Advertisement

Clinical Rheumatology

, Volume 32, Issue 1, pp 49–59 | Cite as

The effect of the Arthritis Self-Management Program on outcome in African Americans with rheumatoid arthritis served by a public hospital

  • Doyt L. Conn
  • Yi Pan
  • Kirk A. Easley
  • Dawn L. Comeau
  • Joyce P. Carlone
  • Steven D. Culler
  • Athan Tiliakos
Original Article

Abstract

The purpose of the study was to determine the effect of the Arthritis Self-Management Program (ASMP) on a cohort of patients, primarily African American (90 %), with rheumatoid arthritis (RA) served by a public hospital. One hundred four patients were randomly assigned to the ASMP group or the usual care group and followed for 18 months. The primary endpoint was clinical improvement indicated by the American College of Rheumatology (ACR20). Focus groups were conducted to provide contextual data. The percentages of patients achieving ACR20 were similar in the ASMP (14 % at 18 months) and usual care (17 %) groups (p = 0.3). However, 28 % of the 25 ASMP patients that attended four or more classes achieved ACR 20 after 18 months of follow-up, but only 5 % of the 27 ASMP patients that attended less than four classes achieved ACR20 (P = 0.1). There was a reduction in the tender and swollen joints in both groups over time (P = 0.02), and those aged 60 and over had fewer joints involved. Half of the cohort fell at or below the poverty level. The percentages of patients achieving ACR20 were similar in the ASMP and usual care groups. Patients who attended four or more ASMP classes improved the most, but included only half of those assigned to ASMP. This suggests a need for innovative participant retention strategies or a different type of self-management program for this population.

Keywords

African Americans Clinical outcomes Patient self-management Rheumatoid arthritis 

Notes

Acknowledgments

This study was supported by The Physicians Foundation Grant No. 9600564.

Disclosures

None

References

  1. 1.
    Suarez-Almazor ME, Berrios-Revera JP, Cox V, Janssen NM, Marcus DM, Sessoms S (2007) Initiation of disease-modifying antirheumatic drug therapy in minority and disadvantaged patients with rheumatoid arthritis. J Rheumatol 34:2320–2322Google Scholar
  2. 2.
    Iren UT, Walker MS, Hochman E, Brasington R (2005) A pilot study to determine whether disability and disease activity are different in African American and Caucasian patients with rheumatoid arthritis in St. Louis, Missouri, USA. J Rheumatol 32(4):602–608PubMedGoogle Scholar
  3. 3.
    3ERAS Study Group (2000) Socioeconomic deprivation and rheumatoid disease: what lessons for the health service? Ann Rheum Dis 59:793–799Google Scholar
  4. 4.
    Barton JL, Trupin L, Schillinger D, Gansky SA, Tonner C, Margaretten M et al (2011) Racial and ethnic disparities in disease activity and function among persons with rheumatoid arthritis from university affiliated clinics. Arthritis Care Res 63:1238–1246CrossRefGoogle Scholar
  5. 5.
    Wolfe F (2000) A reappraisal of HAQ disability in rheumatoid arthritis. Arthritis Rheum 43:2751–2761PubMedCrossRefGoogle Scholar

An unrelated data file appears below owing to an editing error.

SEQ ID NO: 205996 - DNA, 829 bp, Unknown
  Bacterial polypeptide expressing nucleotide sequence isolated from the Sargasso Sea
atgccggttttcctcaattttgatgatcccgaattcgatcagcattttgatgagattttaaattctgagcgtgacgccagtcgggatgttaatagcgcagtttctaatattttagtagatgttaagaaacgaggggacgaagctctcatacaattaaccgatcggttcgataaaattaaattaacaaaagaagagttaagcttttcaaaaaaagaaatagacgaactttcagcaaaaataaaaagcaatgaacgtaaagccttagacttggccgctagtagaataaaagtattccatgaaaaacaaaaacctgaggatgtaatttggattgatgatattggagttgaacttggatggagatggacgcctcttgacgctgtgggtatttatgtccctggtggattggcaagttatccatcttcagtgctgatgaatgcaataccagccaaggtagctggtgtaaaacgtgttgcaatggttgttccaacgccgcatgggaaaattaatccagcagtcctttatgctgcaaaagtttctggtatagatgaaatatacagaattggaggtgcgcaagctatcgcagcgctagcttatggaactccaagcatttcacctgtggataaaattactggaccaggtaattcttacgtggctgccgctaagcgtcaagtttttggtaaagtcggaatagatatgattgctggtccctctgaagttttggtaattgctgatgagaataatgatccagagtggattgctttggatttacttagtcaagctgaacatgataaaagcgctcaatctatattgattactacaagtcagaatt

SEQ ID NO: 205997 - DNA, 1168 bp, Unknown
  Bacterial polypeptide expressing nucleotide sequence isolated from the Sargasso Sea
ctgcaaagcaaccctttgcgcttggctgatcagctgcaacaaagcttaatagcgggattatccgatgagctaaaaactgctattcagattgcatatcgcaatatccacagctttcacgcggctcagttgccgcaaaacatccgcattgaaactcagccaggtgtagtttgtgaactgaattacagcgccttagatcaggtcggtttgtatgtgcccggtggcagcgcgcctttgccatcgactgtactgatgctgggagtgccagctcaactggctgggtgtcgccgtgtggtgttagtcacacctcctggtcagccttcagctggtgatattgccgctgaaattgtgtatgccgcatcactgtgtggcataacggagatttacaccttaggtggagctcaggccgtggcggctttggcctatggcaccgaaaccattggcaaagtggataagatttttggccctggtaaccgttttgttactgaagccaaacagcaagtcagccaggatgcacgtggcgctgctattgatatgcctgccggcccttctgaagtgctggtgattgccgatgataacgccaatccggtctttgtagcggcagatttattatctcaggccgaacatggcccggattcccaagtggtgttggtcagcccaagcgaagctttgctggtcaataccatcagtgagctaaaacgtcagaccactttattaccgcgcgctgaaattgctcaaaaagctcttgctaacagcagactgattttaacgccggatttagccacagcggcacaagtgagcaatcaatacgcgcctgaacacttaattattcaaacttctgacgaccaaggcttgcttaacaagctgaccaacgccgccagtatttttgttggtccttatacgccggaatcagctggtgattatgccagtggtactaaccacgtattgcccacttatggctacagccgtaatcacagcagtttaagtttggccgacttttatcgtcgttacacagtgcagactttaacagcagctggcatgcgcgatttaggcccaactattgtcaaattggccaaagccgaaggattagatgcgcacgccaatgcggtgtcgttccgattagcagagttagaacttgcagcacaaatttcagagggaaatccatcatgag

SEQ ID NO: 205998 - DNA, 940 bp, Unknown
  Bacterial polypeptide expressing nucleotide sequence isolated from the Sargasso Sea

6. 6.
    Michaud K, Wallenstein G, Wolfe F (2011) Treatment and non-treatment predictors of health assessment questionnaire disability progression in rheumatoid arthritis: a longitudinal study of 18,485 patients. Arthritis Care Res 63:366–372Google Scholar
  7. 7.
    Möttönen T, Hannonen P, Leirisalo-Repo M, Nissilä M, Kautiainen H, Korpela M et al, for the FIN-RACo trial group (1999) Comparison of combination therapy with single drug therapy in early rheumatoid arthritis: a randomized trial. Lancet 353:1568–1573CrossRefGoogle Scholar
  8. 8.
    Wiles NJ, Lunt M, Barrett EM, Bukhari M, Silman AJ, Symmons DPM et al (2001) Reduced disability at five years with early treatment of inflammatory polyarthritis. Arthritis Rheum 44:1033–1042PubMedCrossRefGoogle Scholar
  9. 9.
    Bathon JM, Martin RW, Fleischmann RM, Tesser JR, Schiff MH, Keystone EC et al (2000) A comparison of etanercept and methotrexate in patients with early rheumatoid arthritis. N Engl J Med 343:1586–1593PubMedCrossRefGoogle Scholar
  10. 10.
    Lorig KR, Mazonson PD, Holman HR (1993) Evidence suggesting that health education for self-management in patients with chronic arthritis has sustained health benefits while reducing health care costs. Arthritis Rheum 36:439–446PubMedCrossRefGoogle Scholar
  11. 11.
    Lorig K, Ritter PL, Plant K (2005) A disease specific self-help program compared with a generalized chronic disease self-help program for arthritis patients. Arthritis Care Res 53:950–957CrossRefGoogle Scholar
  12. 12.
    Patel A, Buszewicz M, Beecham J, Griffin M, Rait G et al (2009) Economic evaluation of arthritis self management in primary care. Br Med J 339:b3532CrossRefGoogle Scholar
  13. 13.
    Solomon D, Warsi A, Brown-Stevenson T, Farrell M, Gauthier S, Mikels D, Lee T (2002) Does self-management education benefit all populations with arthritis? A randomized controlled trial in a primary care physician network. J Rheumatol 29:362–368PubMedGoogle Scholar
  14. 14.
    Warsi A, Wang P, LaValley M, Avorn J, Solomon D (2004) Self-management education programs in chronic disease. Arch Intern Med 164:1641–1649PubMedCrossRefGoogle Scholar
  15. 15.
    Kroll T, Barbour R, Harris J (2007) Using focus groups in disability research. Qual Health Res 17:690–698PubMedCrossRefGoogle Scholar
  16. 16.
    Stamm T, Alarcos C, Coenen M, Machold K, Nell V, Smolen J et al (2005) Validating the international classification of functioning, disability and health comprehensive core set for rheumatoid arthritis from the patient perspective: a qualitative study. Arthritis Care Res 53:431–439CrossRefGoogle Scholar
  17. 17.